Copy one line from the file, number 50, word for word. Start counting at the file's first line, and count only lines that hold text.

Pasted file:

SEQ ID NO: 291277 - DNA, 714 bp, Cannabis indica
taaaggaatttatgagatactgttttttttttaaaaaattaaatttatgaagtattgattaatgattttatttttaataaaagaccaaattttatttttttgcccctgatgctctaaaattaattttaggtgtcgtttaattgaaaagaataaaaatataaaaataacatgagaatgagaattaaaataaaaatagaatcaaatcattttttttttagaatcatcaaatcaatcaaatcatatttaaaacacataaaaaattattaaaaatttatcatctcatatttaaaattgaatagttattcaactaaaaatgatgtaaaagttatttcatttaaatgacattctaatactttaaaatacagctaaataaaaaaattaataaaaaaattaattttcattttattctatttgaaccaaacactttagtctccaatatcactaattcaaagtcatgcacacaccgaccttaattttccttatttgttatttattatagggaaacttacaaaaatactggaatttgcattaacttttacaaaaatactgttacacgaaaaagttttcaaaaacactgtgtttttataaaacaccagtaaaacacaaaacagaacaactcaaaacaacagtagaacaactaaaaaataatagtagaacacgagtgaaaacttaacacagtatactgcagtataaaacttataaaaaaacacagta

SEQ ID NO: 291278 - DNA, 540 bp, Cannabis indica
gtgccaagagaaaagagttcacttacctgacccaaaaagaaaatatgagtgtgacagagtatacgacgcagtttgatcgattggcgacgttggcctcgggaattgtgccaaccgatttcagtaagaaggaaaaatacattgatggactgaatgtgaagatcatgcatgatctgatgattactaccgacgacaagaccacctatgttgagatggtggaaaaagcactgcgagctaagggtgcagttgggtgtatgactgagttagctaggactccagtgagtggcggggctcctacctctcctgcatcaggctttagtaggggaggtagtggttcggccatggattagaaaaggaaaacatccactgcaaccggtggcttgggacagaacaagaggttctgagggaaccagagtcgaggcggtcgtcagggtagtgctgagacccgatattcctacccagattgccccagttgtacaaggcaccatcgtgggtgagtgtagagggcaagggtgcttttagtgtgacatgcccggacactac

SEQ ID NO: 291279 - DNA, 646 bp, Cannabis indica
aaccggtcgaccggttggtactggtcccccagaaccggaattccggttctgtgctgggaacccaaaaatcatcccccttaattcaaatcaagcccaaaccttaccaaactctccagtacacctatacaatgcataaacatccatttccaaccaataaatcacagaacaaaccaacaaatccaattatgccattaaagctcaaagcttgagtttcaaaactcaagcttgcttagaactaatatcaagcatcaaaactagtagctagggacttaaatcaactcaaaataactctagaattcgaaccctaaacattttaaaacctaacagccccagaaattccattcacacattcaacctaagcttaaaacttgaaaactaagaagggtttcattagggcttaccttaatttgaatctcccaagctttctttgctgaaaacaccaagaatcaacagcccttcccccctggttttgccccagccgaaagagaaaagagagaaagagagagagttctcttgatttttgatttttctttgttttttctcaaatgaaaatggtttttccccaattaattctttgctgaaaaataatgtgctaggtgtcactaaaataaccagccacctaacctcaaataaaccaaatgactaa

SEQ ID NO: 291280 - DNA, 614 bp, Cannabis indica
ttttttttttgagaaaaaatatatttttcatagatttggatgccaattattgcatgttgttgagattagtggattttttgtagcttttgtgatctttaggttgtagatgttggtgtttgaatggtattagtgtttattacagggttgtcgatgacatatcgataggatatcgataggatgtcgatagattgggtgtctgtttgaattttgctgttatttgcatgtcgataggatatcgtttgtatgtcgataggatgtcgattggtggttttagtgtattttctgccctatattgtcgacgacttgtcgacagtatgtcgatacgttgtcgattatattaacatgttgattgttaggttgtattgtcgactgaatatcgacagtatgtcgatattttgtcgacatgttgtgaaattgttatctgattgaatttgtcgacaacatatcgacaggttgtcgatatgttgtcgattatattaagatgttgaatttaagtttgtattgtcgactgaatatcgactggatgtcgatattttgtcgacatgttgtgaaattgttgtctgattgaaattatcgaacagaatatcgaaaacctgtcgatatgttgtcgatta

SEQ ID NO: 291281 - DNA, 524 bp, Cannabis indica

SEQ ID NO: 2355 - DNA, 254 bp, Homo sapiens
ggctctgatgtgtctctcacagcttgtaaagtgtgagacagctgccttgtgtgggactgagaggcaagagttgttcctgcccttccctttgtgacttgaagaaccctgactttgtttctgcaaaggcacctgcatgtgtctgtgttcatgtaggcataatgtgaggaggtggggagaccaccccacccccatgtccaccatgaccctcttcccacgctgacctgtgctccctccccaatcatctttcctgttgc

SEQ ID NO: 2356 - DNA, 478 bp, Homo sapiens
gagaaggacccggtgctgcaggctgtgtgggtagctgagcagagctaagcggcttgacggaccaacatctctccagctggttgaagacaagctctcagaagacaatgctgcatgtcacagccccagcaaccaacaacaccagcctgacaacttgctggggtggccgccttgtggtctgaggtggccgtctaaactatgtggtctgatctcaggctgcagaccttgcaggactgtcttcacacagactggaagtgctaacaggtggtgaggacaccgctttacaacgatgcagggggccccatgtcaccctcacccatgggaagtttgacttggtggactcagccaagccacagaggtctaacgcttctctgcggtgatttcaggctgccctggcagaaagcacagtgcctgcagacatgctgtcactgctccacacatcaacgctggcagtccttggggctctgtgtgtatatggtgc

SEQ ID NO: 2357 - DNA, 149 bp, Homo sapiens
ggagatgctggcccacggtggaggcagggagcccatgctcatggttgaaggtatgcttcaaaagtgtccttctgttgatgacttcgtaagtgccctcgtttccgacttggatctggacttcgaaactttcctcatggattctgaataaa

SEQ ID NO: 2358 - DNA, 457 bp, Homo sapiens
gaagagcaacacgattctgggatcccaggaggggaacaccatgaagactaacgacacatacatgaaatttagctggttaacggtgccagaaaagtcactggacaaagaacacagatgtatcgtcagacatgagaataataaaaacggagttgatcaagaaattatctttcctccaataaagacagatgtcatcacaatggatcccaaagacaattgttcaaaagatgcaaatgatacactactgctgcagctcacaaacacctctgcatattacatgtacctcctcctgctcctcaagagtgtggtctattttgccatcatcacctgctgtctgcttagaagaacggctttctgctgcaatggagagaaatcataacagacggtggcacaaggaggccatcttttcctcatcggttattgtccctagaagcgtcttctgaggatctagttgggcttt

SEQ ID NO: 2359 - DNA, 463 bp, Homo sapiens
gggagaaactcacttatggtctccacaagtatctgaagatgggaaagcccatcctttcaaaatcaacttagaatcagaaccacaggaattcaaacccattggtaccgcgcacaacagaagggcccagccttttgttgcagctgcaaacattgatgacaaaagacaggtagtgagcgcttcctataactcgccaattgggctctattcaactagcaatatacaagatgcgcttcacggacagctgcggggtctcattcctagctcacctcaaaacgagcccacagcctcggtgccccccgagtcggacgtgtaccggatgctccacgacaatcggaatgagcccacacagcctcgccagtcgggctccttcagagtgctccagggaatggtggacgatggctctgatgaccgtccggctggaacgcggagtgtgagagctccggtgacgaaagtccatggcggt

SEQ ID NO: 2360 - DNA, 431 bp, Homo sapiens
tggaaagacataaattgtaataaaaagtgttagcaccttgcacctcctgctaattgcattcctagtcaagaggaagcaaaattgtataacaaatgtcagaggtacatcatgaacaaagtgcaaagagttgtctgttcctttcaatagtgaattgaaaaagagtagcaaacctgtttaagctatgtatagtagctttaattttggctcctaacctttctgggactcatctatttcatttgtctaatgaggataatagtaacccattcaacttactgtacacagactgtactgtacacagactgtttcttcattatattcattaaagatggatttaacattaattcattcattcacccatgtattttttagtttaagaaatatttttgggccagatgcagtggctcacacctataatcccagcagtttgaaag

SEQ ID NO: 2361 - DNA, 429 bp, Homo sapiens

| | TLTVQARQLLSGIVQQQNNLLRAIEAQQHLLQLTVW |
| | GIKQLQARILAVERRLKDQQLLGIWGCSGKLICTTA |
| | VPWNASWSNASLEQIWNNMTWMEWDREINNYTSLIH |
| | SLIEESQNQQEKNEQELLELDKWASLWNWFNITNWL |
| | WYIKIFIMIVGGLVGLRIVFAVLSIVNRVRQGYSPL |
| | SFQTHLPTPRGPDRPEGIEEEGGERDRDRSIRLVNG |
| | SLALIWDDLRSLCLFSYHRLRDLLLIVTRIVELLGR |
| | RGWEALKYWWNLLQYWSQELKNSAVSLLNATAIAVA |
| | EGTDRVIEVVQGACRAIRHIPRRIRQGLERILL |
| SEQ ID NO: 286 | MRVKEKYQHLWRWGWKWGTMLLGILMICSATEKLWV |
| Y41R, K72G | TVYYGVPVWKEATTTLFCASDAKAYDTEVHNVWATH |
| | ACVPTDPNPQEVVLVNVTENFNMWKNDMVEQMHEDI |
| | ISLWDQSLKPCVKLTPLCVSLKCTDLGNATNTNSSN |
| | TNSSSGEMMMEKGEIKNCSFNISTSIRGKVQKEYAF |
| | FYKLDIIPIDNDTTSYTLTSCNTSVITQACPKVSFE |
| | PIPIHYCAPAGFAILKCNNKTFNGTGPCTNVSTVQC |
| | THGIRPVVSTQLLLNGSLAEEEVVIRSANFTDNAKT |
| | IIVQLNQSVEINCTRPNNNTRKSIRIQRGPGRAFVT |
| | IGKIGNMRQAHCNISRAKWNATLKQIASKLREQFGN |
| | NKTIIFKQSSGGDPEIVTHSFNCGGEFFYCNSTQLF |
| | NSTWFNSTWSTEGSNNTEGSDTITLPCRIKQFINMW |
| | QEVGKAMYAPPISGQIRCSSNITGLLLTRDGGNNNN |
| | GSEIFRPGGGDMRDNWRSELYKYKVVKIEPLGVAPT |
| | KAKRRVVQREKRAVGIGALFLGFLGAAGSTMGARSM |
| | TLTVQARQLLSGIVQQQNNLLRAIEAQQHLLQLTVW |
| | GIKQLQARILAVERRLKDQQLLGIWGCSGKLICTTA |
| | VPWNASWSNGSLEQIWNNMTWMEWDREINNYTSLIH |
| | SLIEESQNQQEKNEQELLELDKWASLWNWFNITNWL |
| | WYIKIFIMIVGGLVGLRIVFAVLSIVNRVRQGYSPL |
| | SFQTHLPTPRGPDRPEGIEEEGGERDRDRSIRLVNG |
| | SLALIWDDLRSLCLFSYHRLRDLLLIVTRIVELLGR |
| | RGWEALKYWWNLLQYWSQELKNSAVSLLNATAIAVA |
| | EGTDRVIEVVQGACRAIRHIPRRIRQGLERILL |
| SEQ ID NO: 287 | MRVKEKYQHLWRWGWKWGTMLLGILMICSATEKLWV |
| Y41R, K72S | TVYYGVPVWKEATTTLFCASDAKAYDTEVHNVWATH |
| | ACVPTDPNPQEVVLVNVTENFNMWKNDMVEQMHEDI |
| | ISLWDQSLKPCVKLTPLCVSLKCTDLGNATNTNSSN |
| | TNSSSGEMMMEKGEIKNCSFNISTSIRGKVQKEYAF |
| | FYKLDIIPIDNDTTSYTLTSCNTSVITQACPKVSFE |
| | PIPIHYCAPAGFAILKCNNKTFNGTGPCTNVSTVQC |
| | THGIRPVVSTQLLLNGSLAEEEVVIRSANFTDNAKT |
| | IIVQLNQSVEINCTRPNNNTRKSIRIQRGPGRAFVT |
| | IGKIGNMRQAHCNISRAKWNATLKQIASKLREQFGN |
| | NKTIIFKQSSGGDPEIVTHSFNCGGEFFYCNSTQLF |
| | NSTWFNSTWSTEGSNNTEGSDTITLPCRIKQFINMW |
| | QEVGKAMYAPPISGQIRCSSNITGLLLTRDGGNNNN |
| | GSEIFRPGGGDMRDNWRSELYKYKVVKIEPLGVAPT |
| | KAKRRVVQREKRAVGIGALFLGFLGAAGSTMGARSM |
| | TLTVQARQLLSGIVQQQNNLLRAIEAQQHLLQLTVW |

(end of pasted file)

| | SLIEESQNQQEKNEQELLELDKWASLWNWFNITNWL |